x Abu Dhabi, UAEMonday 24 July 2017

After his death, bin Laden's enemies have a new best friend

Whatever the letters of Osama bin Laden reveal, there are bigger issues at stake in the region. For most Arabs and Muslims, he is a bad memory, best forgotten.

If Osama bin Laden hadn't already existed, they would have invented him. "They", of course, are his enemies. Today, long after his demise, his legend continues to be periodically resuscitated. With enemies like this, who needs friends?

Last Thursday, the release of 17 documents and letters seized by US commandos during the attack in Abbottabad showed an increasingly helpless leader struggling to keep control over Al Qaeda and its many affiliates.

There is little mystery in the timing of the announcement, which many news outlets jumped on. In a US elections season, the memory of bin Laden was always going to be invoked. From beyond the grave, he is still a reminder of, arguably, Barack Obama's finest hour.

"[Obama] is the head of infidelity and killing him automatically will make Biden take over the presidency for the remainder of the term, as it is the norm over there," bin Laden said in one of the more bizarre comments. "Biden is totally unprepared for that post, which will lead the US into a crisis."

You have to feel for the vice president. When terrorism's poster boy considers you a strategic asset, you might blush a little. Bad news for Mr Biden, but good news for the "head of infidelity".

Far more relevant was bin Laden's acknowledgement of the misery his actions have caused for Muslims, even if the insight was tempered with a heavy dose of delusion.

"Clear boundaries need to be established so that no Muslims fall victim except when it is absolutely necessary," wrote bin Laden.

Necessary? Look at the consequences of his actions. Were 30,000 civilian deaths in Afghanistan, hundreds of thousands in Iraq and thousands elsewhere, necessary? What of the mothers of dead children, the widowed wives and orphaned children? Of the millions who continue to endure the ritual humiliation of racial profiling? The unchecked Islamophobia in right-wing politics and media? All are, in a sense, consequences of his actions. With a little help from his enemies, of course.

If September 11 was a tragedy for the US, it has been a catastrophe for millions of Arabs and Muslims. Has anyone ever done so much harm to those he claimed to fight for - while justifying the belligerent policies of his enemies?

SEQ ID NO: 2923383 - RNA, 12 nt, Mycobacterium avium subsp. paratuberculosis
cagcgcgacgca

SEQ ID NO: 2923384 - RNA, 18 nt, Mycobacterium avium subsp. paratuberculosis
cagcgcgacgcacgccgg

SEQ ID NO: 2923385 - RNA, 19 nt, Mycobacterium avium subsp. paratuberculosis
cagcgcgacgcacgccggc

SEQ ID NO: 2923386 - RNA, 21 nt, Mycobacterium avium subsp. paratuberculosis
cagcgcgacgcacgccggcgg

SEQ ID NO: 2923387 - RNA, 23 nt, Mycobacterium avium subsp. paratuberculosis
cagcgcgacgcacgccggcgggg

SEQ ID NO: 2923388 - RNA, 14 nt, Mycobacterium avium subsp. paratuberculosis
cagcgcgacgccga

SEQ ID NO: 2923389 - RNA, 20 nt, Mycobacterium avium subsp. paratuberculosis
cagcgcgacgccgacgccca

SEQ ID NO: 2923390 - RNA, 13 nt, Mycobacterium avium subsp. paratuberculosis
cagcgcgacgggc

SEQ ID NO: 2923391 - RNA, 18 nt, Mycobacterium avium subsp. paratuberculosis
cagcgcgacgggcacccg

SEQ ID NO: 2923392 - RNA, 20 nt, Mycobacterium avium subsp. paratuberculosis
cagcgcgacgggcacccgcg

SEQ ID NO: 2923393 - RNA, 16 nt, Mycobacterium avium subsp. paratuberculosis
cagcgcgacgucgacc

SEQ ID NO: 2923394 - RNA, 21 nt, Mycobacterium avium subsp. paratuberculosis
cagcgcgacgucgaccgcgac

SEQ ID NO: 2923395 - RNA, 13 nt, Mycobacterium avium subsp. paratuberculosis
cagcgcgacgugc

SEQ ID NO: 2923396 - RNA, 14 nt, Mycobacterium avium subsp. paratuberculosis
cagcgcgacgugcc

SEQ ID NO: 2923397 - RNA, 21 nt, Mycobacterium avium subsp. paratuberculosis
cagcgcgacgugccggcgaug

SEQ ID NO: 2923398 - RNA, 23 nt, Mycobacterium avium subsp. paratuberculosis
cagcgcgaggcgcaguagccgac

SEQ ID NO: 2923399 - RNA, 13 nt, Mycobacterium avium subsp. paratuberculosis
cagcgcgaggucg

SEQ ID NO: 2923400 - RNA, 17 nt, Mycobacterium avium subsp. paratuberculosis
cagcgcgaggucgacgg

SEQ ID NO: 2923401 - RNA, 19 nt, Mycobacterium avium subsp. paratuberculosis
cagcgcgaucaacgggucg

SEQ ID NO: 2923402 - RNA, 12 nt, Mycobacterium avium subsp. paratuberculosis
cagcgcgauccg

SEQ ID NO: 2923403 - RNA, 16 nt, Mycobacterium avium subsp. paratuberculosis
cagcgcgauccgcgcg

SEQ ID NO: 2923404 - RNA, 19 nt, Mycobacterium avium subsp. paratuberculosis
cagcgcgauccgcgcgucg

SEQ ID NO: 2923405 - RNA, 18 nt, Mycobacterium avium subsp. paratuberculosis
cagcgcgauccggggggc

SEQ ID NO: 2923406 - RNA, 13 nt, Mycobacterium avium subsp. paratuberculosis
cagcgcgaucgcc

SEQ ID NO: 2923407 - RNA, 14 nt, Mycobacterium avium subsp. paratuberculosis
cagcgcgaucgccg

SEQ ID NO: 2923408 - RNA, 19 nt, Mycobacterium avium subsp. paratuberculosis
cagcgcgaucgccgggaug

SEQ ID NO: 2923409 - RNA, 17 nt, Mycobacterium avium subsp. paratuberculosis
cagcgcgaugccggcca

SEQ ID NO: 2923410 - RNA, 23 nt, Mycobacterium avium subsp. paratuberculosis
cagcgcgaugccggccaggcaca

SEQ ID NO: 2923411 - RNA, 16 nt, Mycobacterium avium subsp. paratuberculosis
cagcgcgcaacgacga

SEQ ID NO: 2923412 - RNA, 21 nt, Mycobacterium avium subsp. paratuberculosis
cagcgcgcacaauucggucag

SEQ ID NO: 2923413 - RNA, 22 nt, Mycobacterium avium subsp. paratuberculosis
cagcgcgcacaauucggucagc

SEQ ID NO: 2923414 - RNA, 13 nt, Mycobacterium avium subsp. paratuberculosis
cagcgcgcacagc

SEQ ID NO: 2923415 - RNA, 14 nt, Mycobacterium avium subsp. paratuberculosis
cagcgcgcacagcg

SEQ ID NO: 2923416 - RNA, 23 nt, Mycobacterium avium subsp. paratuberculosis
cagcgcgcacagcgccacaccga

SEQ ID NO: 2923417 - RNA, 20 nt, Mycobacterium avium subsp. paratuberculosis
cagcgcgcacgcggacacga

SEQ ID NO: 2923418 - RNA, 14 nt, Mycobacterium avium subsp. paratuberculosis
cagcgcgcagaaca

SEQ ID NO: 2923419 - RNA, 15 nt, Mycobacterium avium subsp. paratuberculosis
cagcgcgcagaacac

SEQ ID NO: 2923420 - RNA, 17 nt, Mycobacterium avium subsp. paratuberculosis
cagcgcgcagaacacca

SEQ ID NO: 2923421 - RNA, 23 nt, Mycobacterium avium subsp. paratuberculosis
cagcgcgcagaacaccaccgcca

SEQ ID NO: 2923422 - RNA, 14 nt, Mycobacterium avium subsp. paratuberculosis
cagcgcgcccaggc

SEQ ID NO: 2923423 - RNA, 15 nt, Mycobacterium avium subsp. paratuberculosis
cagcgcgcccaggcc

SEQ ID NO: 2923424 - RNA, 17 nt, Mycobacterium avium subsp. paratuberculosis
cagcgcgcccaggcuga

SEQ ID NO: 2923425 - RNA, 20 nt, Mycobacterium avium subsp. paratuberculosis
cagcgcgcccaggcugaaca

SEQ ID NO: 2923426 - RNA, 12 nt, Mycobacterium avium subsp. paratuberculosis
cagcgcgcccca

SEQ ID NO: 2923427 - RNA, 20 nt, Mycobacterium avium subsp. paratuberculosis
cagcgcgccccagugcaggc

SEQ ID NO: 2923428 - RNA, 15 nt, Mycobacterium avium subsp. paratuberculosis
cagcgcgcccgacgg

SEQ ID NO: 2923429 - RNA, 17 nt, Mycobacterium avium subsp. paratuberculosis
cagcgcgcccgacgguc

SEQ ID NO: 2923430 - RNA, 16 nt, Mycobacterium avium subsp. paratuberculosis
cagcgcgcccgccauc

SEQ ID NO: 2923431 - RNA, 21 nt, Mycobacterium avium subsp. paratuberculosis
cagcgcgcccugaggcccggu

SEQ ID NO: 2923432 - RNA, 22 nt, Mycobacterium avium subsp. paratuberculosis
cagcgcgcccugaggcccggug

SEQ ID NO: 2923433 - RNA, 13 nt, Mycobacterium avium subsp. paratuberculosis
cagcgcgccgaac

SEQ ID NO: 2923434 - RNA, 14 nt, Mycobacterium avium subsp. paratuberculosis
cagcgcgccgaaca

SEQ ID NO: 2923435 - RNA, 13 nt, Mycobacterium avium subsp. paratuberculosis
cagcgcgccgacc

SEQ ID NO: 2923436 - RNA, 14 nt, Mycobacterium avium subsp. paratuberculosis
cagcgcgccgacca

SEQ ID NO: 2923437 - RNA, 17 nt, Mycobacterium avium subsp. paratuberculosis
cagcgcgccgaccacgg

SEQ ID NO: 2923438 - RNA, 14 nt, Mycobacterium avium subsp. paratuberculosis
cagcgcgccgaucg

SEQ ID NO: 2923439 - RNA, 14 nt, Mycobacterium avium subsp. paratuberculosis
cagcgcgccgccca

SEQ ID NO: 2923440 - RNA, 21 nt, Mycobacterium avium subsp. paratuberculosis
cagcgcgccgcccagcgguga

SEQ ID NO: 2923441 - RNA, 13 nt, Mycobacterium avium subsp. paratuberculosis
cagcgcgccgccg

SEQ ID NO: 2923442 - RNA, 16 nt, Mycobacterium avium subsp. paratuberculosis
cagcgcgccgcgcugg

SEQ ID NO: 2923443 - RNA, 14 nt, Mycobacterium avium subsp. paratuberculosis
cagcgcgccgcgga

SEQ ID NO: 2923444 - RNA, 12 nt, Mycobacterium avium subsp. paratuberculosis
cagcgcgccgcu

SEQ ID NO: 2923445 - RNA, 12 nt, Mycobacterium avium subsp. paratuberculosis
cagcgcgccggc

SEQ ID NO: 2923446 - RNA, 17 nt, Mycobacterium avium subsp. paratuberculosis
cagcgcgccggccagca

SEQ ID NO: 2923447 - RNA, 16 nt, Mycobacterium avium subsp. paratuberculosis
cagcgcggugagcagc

The answer lies in the "war on terror", which crystallised the image of Al Qaeda as an easily identifiable brand in the minds of many Americans, and of many others as well. In the long-bearded bin Laden, there was an evil, cartoonish villain that would have made James Bond scriptwriters weep with envy.

In the years before his death, the US continued to play up bin Laden's influence while paradoxically claiming Al Qaeda was being dismantled. The Arab revolutions - a "tremendous event" according to bin Laden's notes - were hailed by some as a rejection of his bankrupt ideology. In reality, there was no widespread acceptance of those ideas in the first place. By the time of his death, bin Laden was an anachronism, a pathetic figure huddled in isolation.

Al Qaeda as a brand is fading, we're told. But thanks to two disastrous wars and a clueless US policy in the Middle East, the extremism that bin Laden preached will live on in the newly emboldened Taliban, and indeed in any group of armed thugs in need of validation. Franchises in the Arabian peninsula and Somalia flourish.

And we all know who we can thank. Conspiracy theorists speculate uselessly about who really "made" bin Laden, with Dick Cheney and the Mossad figuring large. Who profited from the monster - hawks on every side - is far easier to answer.

Today, one week after the first anniversary of his death, bin Laden still serves a purpose. It is no surprise that the anniversary passed without much fuss in the Middle East. Whatever the letters reveal, there are bigger issues at stake in the region. For most Arabs and Muslims, he is a bad memory, best forgotten.

But don't expect his enemies to let go of that memory just yet.

 

akhaled@thenational.ae

On Twitter: AliKhaled_